Cruisers’ small talk invariably turns to boat projects, and everyone has their “best thing we ever did” change or upgrade.  Ours, hands down, was the replacing of our traditional marine head with a composting head.  It was one of the first major changes we made to Kestrel and one we enthusiastically recommend to every boater we meet.

Toilets on a boat are not a particularly romantic subject.  With a traditional marine head, you balance on a tiny, gnome-sized bowl to do your business.  Once done, you flush the head by pumping your waste through a hose into a container that’s somewhere on your boat.  Your waste sloshes around in there until you are able to pump it out at a dock; the pump out hose is attached to the waste deck fill, and your waste is sucked out.

Traditional marine heads have many drawbacks, in our opinion.  The primary one is that unless you are releasing your waste into the surrounding water, you are forced to come to a dock to pump out.  How frequently you do that is based on how big your holding tank is, but it could be every few days.  That really limits how long you can be “out there.” Another huge drawback is odor; heads, head hoses, and holding tanks stink even when they are working properly and not leaking.  A third drawback is maintenance and repair; the joker valve (the all-important valve that makes sure the flushed waste won’t make a surprise appearance in your head) is sensitive to acids like vinegar and disinfectants, so keeping a clean head is complicated.  The pump will need to be lubricated, and the joker valve will eventually need to be replaced, which is a poopy job (hahaha, see what I did there?).

All of this complication is avoided with the use of a composting head.  No pumpouts, no smelly holding tank or hoses, no parts to fail. We bought an Airhead; there are other brands of composting head available, but the Airhead fits our space the best.  We also like that it has a standard seat size like on a regular toilet.  It also has gaskets on the underside of the lid and the underside of the seat, which seals off the interior.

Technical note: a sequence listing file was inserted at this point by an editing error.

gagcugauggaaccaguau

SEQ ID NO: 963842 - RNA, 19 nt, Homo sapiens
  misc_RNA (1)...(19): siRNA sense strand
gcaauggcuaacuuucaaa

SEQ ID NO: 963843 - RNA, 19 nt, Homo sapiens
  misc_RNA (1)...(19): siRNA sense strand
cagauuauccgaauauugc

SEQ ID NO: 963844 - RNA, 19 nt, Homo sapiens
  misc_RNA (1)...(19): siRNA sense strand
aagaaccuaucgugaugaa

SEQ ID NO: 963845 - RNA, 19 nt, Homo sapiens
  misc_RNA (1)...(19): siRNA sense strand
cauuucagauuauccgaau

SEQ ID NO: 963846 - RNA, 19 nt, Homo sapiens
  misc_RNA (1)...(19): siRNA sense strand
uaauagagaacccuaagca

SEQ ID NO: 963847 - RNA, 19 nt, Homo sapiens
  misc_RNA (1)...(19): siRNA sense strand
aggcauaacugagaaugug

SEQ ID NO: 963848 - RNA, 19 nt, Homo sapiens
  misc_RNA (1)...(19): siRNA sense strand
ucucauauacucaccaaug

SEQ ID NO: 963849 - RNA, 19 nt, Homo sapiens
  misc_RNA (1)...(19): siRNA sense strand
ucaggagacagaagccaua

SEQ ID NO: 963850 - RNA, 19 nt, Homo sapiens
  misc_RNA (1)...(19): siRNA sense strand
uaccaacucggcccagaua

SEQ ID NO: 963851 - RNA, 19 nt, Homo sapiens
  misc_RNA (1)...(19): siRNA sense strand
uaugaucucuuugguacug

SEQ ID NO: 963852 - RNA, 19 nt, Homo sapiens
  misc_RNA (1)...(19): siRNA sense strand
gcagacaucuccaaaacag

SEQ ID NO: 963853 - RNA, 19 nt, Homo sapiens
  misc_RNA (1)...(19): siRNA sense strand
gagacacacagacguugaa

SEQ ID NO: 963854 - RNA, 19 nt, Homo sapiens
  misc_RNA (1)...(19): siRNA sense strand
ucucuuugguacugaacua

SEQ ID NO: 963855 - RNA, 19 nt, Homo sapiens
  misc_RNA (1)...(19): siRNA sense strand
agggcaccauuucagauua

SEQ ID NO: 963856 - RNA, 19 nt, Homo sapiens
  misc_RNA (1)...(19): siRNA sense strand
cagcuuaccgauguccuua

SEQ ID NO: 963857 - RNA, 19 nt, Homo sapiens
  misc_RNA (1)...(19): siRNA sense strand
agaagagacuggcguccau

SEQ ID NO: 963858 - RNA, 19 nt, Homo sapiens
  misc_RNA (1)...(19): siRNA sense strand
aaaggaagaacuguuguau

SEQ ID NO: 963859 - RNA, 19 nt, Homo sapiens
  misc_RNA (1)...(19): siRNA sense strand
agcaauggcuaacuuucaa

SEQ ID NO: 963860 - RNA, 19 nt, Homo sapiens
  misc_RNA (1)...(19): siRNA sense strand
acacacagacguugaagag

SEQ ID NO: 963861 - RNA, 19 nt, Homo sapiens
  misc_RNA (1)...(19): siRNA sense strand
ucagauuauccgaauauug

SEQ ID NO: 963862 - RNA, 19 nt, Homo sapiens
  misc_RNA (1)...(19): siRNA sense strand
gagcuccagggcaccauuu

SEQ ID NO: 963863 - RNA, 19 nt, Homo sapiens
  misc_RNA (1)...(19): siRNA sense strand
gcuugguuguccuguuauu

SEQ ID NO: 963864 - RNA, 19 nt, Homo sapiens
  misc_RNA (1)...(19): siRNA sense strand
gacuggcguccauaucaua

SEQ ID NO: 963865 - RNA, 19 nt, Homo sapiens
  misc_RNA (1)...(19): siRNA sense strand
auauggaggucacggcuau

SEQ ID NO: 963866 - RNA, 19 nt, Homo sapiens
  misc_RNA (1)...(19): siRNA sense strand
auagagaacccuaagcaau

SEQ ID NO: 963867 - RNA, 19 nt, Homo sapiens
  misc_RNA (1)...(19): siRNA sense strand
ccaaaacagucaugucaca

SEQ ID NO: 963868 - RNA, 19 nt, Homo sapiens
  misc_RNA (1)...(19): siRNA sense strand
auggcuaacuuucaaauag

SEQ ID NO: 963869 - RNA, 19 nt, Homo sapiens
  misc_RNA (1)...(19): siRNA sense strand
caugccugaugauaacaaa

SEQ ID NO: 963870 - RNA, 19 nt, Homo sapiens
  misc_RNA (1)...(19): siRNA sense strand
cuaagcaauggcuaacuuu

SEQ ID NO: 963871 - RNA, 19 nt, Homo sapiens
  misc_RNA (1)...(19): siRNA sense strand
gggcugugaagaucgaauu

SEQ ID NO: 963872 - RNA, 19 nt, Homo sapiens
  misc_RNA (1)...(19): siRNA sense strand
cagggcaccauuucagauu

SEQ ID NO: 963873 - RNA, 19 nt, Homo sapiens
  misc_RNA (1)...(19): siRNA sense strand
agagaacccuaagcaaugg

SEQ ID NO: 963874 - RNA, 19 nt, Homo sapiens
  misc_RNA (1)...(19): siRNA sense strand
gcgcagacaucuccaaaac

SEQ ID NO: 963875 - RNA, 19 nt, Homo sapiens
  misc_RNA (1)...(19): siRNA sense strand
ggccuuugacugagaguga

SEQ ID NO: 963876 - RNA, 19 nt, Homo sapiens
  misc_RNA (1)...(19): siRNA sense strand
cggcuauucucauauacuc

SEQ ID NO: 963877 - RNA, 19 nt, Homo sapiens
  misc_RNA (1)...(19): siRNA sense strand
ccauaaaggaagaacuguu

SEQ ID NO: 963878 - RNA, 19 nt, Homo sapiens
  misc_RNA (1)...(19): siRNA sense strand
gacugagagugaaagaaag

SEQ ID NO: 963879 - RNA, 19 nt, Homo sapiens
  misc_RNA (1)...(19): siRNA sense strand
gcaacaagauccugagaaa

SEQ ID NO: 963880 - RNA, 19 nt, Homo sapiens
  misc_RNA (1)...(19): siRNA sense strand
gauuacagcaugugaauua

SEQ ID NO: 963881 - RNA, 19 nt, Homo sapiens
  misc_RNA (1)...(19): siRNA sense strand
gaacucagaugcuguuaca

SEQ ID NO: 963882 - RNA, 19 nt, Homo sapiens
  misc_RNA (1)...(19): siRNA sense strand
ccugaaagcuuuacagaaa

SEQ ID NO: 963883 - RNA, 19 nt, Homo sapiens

The composting head is made of four components:  the seat, the solids holding tank, the liquids holding tank, and the venting system.  All four components are removable from each other, which is how you clean and empty the head.

This picture comes courtesy of Airhead’s website at http://airheadtoilet.com/the-air-head/composting-toilet-functionality/.  Ours did not include a monarch butterfly, but you can see the seat, liquids tank on the front, solids tank in the back, and venting hose.

Composting heads do not use water and are sometimes called “dry” toilets.  The solids tank is filled about halfway with a medium and has a mixing apparatus attached to an external crank to agitate the medium and assist in the composting.  All different kinds of media can be used in the solids tank, from coconut coir to peat moss to wood shavings to sawdust.  We use coconut coir bricks that we purchase from Airhead; these bricks are used in gardening for amending soil.  They are perfect for us because they are highly compressed, which means easy to store and won’t spill.  They are also sterilized, which means no possibility of a gnat infestation.

The venting system is simple.  Air is drawn into the solids tank via a small screened port.  Air is drawn out of the solids tank via a hose that is attached to a DC computer fan blowing out of the boat through a mushroom vent in the deck.  We have smelled absolutely no odor from the head ever.